I have a 9 1/2-month-old, and I am vegetarian (ovo-lacto). How important is it to feed high-protein food to a baby this age, and how often is it needed? There are some days I may make just pasta with not much protein in it. Is that adequate for my child, since he is still drinking lots of formula? Also, how do you rate lentils and beans as everyday sources of protein for a child?
Vegetarian diets can be perfectly nutritious for children if they aren't severely restrictive. (Examples of overly restrictive ones include the vegan diet, which allows no animal protein or dairy products like milk and eggs, and the"fruitarian" diet, which allows only fruits, seeds, nuts, and grains.) A fringe benefit of your ovo-lacto-vegetarian diet, which permits milk and eggs, is that it can be high in fiber, low in saturated fat and cholesterol, and rich in nutrients.
The concern is not that your child would receive too little protein but that the protein he receives could be incomplete without some animal components. Twenty amino acids, the main components of protein, are the building blocks of the body, and nine of them are "essential" meaning we can't manufacture them ourselves from other dietary sources. Milk and eggs can provide these essential acids, as can legumes such as beans and lentils when served in combination with rice.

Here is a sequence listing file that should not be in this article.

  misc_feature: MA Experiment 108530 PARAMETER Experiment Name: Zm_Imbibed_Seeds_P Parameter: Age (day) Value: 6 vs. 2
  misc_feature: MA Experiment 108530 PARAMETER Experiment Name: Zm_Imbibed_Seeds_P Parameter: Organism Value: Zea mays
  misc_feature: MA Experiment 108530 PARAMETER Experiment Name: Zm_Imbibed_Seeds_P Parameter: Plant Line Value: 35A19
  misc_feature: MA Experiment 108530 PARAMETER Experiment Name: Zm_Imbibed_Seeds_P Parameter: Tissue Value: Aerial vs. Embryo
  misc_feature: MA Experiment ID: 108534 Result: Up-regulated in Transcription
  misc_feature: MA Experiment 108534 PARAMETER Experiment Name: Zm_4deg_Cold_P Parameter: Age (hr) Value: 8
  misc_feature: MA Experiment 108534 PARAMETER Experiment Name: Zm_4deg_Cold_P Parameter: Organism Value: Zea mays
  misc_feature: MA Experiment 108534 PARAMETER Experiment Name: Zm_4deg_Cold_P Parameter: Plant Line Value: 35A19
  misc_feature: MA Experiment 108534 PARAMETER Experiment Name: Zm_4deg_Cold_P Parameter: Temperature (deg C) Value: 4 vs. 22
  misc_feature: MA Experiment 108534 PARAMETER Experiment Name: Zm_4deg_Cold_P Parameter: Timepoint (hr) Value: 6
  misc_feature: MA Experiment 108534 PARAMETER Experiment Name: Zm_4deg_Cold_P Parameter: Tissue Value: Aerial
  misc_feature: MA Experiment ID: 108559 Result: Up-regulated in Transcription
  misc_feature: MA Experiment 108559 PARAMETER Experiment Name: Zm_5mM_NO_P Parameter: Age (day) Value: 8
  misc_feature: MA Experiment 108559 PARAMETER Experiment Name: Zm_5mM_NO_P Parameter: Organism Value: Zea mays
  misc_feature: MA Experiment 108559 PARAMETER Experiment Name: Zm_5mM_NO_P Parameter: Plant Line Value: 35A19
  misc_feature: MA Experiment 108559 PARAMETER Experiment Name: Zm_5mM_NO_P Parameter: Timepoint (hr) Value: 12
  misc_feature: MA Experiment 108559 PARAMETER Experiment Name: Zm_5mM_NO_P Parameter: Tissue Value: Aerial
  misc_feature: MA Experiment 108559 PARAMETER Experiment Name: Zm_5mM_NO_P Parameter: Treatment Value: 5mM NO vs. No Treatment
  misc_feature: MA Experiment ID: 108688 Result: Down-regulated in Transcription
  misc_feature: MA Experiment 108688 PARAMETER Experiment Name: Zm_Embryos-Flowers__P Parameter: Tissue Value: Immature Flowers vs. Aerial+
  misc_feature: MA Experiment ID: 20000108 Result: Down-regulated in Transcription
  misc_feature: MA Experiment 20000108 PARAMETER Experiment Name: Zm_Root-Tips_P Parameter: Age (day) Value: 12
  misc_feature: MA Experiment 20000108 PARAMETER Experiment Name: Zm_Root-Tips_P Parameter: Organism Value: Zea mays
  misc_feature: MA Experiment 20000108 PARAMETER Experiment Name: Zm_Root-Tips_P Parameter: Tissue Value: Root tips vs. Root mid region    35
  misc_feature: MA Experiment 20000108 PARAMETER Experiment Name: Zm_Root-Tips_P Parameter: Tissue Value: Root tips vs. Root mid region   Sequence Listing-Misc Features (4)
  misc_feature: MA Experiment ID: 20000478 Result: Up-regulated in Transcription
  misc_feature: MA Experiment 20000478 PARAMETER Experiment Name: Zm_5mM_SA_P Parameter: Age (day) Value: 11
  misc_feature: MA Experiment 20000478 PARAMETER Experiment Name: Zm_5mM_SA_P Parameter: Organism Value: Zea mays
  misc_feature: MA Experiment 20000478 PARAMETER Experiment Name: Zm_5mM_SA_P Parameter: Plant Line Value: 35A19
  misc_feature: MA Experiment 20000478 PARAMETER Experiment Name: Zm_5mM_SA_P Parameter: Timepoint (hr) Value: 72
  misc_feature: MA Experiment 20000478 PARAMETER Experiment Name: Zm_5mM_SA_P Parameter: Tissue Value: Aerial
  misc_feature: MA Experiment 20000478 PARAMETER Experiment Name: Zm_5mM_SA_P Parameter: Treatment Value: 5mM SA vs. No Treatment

Nuts, especially peanut butter and other nut butters, are a good source of protein, too. Of course, your 9 1/2-month-old is not ready for nuts or nut butters yet, but next year you can certainly give him a thin coating of smooth peanut butter on bread or crackers. Whole nuts and chunky peanut butter should not be given to children until age 4, when they have the molars to grind them adequately. Soy protein such as tofu is another good source of amino acids, close to that of animal sources.
Serving pasta as the meal's main course shouldn't concern you. The grains from which pasta are made contain some protein, and you will probably have side dishes as well as something on the pasta to give it flavor. Surely pasta is not the only thing that passes your child's lips that day or even that week. It all adds up. Remember that nutrition is a long-range issue, not a day-to-day or meal-by-meal one.